Arts & Activities  

      Color expert Dan Bartges is author of the book, "Color is Everything"
( Visit his website at
      Assignment 7 In A Series Of 10      

If you could choose, which ability would you like to have?
1. To create significantly better artwork or crafts.
2. To have a lot more fun painting.
3. To pick out clothes that go much better together.
4. To decorate your room or home more attractively.
5. To decorate more effectively for parties.
6. All of the above.

No matter what you chose, an understanding of color harmony will get you there.
Each month, let's explore how painters like you can attain a working knowledge of color harmony. All you'll need is a standard color wheel, available at any art-supply store.

HOW IT WORKS Each month, study the two featured images on this Web page and, with your color wheel, figure out their color schemes. Next, download and print the "Quiz Me!" document, write in your answers to the questions, then hand it in to your art teacher. The correct answers will be made available on next month's Student Page.

      For a quick review of color-scheme basics, click here for an informative article: The Magic Moment.      
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"Color and the Clothes You Wear." Photograph by Dan Bartges.

Think about this: Everything you've learned about color for painting can also be applied to the clothes you pick out to wear each day. People who understand color are much better at selecting clothes that go together, and that gives them a better appearance.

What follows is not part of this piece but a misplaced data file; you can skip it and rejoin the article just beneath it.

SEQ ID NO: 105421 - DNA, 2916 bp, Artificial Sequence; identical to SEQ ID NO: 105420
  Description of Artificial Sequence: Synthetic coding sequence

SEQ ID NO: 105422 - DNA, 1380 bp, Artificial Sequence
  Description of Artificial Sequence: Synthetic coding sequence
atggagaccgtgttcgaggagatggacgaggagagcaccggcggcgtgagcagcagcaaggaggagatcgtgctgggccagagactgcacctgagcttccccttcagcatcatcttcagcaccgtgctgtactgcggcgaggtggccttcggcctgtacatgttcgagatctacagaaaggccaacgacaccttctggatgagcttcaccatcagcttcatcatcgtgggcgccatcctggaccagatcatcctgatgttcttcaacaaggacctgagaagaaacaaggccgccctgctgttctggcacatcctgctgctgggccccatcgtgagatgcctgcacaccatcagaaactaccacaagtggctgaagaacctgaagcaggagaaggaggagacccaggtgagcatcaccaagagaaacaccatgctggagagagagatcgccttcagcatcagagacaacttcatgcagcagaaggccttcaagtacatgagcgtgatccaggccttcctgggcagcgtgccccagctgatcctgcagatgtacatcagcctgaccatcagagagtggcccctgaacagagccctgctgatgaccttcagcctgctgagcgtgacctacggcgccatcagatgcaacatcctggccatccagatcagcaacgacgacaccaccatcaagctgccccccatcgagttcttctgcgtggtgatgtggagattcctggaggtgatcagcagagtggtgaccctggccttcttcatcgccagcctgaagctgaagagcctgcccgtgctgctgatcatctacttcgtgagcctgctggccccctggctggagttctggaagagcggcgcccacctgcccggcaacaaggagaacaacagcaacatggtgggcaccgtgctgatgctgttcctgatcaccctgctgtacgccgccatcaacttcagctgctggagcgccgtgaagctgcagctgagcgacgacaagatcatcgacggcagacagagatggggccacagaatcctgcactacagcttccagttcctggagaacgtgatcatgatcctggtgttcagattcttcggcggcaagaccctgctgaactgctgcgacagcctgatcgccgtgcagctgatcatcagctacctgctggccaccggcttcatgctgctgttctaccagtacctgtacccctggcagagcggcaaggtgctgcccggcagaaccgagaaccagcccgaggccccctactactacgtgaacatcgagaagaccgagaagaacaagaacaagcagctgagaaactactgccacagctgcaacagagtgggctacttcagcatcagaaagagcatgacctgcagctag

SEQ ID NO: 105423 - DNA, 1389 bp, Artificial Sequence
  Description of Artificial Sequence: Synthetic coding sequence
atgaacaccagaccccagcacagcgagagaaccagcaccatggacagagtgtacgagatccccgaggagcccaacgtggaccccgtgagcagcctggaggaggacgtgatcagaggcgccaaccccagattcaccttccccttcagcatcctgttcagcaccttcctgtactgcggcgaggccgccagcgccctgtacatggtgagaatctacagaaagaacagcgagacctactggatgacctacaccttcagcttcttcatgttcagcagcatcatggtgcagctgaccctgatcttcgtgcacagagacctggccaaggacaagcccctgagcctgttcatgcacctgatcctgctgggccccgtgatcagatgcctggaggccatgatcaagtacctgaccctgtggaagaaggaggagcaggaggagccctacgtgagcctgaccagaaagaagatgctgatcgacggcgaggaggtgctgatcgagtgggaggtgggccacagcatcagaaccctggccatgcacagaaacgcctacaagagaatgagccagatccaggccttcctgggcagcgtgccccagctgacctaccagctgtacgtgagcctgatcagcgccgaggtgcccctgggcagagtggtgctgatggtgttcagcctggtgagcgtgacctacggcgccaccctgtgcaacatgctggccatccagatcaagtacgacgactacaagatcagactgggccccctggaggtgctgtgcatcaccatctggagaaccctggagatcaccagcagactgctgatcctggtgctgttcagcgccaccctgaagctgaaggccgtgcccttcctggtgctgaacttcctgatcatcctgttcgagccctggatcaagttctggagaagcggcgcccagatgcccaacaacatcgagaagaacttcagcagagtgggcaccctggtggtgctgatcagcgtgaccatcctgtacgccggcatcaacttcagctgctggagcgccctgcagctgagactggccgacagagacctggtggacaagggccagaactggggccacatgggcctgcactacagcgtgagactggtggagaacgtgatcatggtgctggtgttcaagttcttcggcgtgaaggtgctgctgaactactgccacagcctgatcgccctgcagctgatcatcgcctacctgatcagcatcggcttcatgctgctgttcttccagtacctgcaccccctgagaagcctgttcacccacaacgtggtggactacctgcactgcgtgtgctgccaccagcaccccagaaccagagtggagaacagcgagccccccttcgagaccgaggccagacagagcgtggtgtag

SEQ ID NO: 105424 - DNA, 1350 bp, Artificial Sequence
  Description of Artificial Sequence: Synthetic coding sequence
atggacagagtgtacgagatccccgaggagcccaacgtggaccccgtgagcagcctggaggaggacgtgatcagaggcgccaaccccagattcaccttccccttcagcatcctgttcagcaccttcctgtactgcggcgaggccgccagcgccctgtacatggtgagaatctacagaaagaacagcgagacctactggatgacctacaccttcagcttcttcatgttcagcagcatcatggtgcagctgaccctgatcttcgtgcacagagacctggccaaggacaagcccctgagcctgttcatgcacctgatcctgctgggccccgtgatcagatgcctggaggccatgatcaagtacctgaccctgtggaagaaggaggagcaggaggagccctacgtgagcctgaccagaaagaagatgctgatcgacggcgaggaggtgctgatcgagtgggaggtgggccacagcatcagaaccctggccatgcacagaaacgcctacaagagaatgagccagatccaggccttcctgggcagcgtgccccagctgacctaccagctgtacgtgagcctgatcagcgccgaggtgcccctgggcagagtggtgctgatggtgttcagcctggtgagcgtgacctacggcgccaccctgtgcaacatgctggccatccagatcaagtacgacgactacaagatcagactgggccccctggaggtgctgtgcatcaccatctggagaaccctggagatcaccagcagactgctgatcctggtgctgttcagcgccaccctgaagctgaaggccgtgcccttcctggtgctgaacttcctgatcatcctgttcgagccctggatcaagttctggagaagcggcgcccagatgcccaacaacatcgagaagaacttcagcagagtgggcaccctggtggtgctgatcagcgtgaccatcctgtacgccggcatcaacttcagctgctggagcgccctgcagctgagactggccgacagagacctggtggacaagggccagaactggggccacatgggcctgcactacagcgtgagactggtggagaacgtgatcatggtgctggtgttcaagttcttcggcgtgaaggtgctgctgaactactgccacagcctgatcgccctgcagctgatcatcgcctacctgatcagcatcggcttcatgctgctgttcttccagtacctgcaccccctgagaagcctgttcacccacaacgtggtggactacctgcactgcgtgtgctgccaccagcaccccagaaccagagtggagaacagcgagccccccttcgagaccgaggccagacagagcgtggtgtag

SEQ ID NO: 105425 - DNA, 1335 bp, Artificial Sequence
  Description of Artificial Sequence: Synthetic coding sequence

Consider, for example, the three ties in the photograph above. You might prefer the pattern of one tie over the other two, but all three ties go well with the blue shirt. Can you explain why?

As another example, let's say you're a young woman who'd like to wear a dark-green skirt and a bright yellow scarf, but you recognize that these two colors aren't harmonious. So what color blouse could you wear that would make everything color coordinated?

I can think of three. First, you could choose a red-violet blouse, which would join with the green skirt and yellow scarf to form a split complementary color scheme. Second, you could pick out a yellow-green blouse, which would form an analogous color scheme of yellow, yellow-green and green. Or third, you could wear a patterned blouse with red and violet in it. That would give you a tetrad, two sets of complementary colors—in this case, yellow with violet, and red with green.



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Dan Bartges. Mrs. C. Pasco. Oil.

Speaking of clothes, a couple of years ago I painted this portrait of a very active, thoroughly charming woman, age 90. When she sat down in a high-backed armchair with dramatic light flooding in from her right, I decided I had an ideal setting for her portrait.

But, as I began the painting, I realized her orange jacket and skin (keep in mind that everyone's skin is a shade of orange!) didn't harmonize with the green armchair and leaves of the potted plant. So I had to manipulate my colors to bring them into harmony. Can you figure out what I did?

      QUIZ ME!
Click here to download March Quiz Me! document

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